Tip of the week: Exercise, hydration and good nutrition can make your body look younger but doesn’t help your face.

Facial Plastic Surgery and Fillers in New York

Celebrities and Photoshop, is this the norm for magazines?

I am often asked by patients about celebrities and two extremes of results. First, why do they look so good? The second question is why do they look so bad? Don’t they have good plastic surgeons in Hollywood? These questions and comments are a result of the many celebrity focused magazines and TV shows.

From NY Times article

Last week I was sent supposed “before and after” photos of a third-tier celebrity to comment on what she had done; facial plastic surgery or other minimally invasive procedure such as Botox and/or Fillers. The problem was that the “after” photo was so photoshopped that it was a joke. I declined to comment replying to the inquiry, that with the amount of “work” that was done to the photo it could easily be Zsa Zsa Gabor at her current age instead of the forty-something reality TV star.

 The N Y Times had an article on that very same topic this week. One former talent agent along with a Dartmouth University computer science forensics expert discussed Photoshop changes on celebrity magazine photos. In a scholarly paper for the prestigious Proceedings of the National Academy of Science, Prof. Farid suggested a software tool for measuring how much a beauty photo has been altered. With this new tool and more “truth in advertising” the consumer would better be able to see what models and celebrities really look like. This could also reduce the often extremely high expectations of individuals seeking cosmetic surgery.

 The AMA actually has a policy on truth in advertising. Cosmetic surgeons are supposed to identify when a website or an advertisement has a model and not a real patient of theirs. Of course, before and after photos should always be un-retouched. Lastly, plastic surgeons should identify if the photos on their websites are actually theirs or generic. All before and after photos on my website are actual patients that have given us written consent for use of their photos.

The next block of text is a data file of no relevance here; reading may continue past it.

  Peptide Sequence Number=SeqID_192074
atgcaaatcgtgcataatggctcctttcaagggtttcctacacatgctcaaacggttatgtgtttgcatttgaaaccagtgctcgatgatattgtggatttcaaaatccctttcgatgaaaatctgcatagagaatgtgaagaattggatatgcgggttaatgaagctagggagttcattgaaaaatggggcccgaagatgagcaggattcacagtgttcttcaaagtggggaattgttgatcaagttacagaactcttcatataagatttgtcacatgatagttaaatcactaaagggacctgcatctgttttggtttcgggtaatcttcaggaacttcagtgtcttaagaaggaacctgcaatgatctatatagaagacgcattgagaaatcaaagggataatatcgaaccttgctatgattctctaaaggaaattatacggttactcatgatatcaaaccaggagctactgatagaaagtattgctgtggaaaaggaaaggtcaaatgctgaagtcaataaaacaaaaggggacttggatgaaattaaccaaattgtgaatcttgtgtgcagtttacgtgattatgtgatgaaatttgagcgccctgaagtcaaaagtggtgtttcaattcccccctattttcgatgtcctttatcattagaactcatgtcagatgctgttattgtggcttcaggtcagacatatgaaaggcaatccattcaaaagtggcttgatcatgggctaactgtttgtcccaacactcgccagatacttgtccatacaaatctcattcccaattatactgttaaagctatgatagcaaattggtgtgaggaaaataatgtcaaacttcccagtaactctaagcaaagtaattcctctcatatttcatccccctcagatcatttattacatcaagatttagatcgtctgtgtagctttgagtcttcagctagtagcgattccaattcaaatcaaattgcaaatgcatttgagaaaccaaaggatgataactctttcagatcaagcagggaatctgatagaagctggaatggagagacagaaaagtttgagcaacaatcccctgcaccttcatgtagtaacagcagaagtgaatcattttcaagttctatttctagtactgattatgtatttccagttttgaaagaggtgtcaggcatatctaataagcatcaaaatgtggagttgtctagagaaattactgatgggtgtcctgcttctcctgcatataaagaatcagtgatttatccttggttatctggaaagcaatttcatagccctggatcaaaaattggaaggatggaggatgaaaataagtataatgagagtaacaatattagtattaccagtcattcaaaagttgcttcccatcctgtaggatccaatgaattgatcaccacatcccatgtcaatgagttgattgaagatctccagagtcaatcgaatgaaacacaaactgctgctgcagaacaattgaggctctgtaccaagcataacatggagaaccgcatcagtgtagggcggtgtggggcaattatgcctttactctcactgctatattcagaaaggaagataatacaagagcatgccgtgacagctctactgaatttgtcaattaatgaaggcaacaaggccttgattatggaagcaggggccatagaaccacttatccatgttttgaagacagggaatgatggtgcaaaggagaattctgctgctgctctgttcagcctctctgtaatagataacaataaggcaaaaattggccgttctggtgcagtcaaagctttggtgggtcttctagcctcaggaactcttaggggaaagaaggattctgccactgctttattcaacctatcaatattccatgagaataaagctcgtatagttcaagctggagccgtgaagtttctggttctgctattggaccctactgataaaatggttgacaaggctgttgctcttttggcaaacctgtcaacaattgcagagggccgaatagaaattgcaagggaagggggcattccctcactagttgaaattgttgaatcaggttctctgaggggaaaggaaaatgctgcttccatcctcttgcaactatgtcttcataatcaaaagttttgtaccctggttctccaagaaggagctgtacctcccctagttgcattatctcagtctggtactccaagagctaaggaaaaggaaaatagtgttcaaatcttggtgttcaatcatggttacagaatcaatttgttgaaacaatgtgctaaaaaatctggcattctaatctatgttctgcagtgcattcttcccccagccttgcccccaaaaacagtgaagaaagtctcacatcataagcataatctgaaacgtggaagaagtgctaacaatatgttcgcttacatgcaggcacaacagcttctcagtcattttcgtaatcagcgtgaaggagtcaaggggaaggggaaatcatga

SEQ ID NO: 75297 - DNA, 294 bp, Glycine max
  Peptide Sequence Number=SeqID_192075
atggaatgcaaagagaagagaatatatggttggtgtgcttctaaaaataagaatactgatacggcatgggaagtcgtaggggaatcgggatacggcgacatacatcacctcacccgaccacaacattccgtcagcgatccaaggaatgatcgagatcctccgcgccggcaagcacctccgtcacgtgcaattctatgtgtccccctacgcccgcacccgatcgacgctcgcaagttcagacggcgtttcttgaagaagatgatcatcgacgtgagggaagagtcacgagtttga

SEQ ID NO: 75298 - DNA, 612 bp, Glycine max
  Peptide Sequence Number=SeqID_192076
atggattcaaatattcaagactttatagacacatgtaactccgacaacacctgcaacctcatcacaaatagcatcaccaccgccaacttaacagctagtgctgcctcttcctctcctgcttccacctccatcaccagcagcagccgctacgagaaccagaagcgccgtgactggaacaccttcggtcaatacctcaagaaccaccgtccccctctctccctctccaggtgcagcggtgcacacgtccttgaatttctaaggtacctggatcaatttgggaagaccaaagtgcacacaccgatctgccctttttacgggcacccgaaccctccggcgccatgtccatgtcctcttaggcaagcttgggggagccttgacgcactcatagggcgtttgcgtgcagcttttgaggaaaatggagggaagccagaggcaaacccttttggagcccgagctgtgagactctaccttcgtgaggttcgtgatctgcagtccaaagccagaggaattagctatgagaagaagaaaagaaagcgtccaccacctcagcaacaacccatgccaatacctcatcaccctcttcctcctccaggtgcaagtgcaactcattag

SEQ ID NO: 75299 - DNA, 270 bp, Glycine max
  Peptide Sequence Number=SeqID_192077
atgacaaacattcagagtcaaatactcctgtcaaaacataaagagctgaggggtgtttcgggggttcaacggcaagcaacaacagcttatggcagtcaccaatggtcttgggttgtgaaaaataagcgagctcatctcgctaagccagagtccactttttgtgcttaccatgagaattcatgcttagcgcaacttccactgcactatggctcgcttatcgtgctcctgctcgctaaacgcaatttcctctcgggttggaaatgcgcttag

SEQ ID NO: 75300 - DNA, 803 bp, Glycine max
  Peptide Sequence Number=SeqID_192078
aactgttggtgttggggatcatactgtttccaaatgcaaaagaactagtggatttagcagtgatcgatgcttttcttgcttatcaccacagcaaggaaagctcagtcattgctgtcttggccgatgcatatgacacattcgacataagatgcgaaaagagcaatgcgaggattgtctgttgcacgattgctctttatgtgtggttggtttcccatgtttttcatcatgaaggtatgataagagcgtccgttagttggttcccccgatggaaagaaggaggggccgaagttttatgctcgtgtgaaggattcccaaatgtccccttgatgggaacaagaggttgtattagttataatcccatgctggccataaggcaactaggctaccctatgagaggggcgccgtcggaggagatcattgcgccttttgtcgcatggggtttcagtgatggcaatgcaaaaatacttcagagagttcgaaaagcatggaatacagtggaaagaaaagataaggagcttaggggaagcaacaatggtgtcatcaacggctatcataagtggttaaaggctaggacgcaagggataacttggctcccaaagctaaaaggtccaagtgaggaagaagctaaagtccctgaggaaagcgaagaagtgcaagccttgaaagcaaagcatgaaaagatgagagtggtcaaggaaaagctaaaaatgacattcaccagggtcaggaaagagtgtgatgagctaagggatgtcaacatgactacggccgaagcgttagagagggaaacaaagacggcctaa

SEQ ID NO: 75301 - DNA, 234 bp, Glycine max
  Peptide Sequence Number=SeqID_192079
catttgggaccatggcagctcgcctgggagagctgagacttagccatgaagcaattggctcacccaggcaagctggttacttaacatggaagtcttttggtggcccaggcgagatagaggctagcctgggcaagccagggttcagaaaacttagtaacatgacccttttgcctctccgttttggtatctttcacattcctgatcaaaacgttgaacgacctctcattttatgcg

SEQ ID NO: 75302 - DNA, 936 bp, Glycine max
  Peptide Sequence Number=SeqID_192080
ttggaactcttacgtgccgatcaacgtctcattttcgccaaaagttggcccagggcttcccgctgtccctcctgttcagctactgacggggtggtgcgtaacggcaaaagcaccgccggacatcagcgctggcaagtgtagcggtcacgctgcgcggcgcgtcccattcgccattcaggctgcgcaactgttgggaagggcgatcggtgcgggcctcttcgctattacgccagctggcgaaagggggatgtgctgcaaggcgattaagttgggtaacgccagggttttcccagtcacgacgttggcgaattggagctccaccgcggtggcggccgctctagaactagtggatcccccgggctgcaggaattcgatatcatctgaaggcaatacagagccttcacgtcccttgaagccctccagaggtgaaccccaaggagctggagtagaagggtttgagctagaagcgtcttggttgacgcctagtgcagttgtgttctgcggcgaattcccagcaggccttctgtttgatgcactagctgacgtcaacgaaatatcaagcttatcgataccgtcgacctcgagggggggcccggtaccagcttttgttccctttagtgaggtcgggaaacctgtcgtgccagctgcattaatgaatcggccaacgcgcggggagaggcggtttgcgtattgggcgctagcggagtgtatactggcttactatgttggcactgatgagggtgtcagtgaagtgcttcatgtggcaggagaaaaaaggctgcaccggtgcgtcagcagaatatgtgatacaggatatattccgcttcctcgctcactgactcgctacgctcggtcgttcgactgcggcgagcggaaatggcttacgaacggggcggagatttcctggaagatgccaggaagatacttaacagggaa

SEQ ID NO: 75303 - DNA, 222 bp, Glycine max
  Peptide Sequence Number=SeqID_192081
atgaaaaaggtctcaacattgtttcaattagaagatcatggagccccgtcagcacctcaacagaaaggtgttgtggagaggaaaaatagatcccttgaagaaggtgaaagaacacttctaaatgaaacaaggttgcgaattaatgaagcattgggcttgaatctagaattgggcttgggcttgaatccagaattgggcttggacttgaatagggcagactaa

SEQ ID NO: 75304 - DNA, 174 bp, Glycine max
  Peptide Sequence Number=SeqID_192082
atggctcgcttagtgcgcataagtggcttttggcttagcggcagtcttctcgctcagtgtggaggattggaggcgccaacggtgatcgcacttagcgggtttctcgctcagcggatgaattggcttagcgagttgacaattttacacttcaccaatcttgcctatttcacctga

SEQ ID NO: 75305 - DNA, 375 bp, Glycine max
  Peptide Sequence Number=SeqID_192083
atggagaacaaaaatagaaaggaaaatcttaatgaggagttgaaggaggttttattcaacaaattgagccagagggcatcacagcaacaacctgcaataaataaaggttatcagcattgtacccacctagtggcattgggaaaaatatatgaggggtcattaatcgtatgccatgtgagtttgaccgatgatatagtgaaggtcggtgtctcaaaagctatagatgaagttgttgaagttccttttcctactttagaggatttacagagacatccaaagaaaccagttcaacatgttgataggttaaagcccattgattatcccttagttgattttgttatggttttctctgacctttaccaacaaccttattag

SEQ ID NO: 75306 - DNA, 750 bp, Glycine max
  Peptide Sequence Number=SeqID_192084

As for the “bad” side of celebrity cosmetic surgery; this is a topic for another blog. I have addressed fillers in past blogs. For some reason, if 1 cc of filler is good for a lay person’s lips or cheeks, for some reason in Hollywood they think 3+ syringes is better.

Celebrities often look better in magazines as a result of Photoshop. Plastic Surgeons cannot do this, so why can the media? Steven J. Pearlman, MD, FACS

Botox, Juvederm, Restylane and Laser Hair Removal in New York

“At What Price Beauty” Check out Today’s Deals

This is the title of an article from the New York Times on April 14, 2011 in which I was quoted. I guess that shows how far behind I am in my blogging. Anyway, the article interviews a number of high end providers such as Oscar Blandi Salon and Jennifer Jablow, DDS, a highly respected dentist. I was asked about placing an offer in Gilt City for discounts on Botox, facial fillers (Juvederm and Restylane) and laser hair removal. I chose Gilt City since I am a regular consumer and I see that they represent quality manufacturers and businesses. My promotion ran in December so people can get a quick fix to look younger for the holidays.

I found the vast majority of patients to be really nice people and high end consumers who were looking to try Botox or fillers for the first time, people looking for a new doctor to perform these treatments on them, and a few just looking for a bargain.

The next question was, would I do this again? I don’t want to repeat this offer for a long time since I don’t want to undercut my loyal patients who have been coming to me for years and paying higher prices and “cheapen my brand.” This sentiment was echoed by a patient on who I had performed surgery last year who owns a boutique public relations firm. She said she was impressed that I was forward thinking in running the offer on Gilt City but that I should “never do that again.”

Steven J. Pearlman, MD, FACS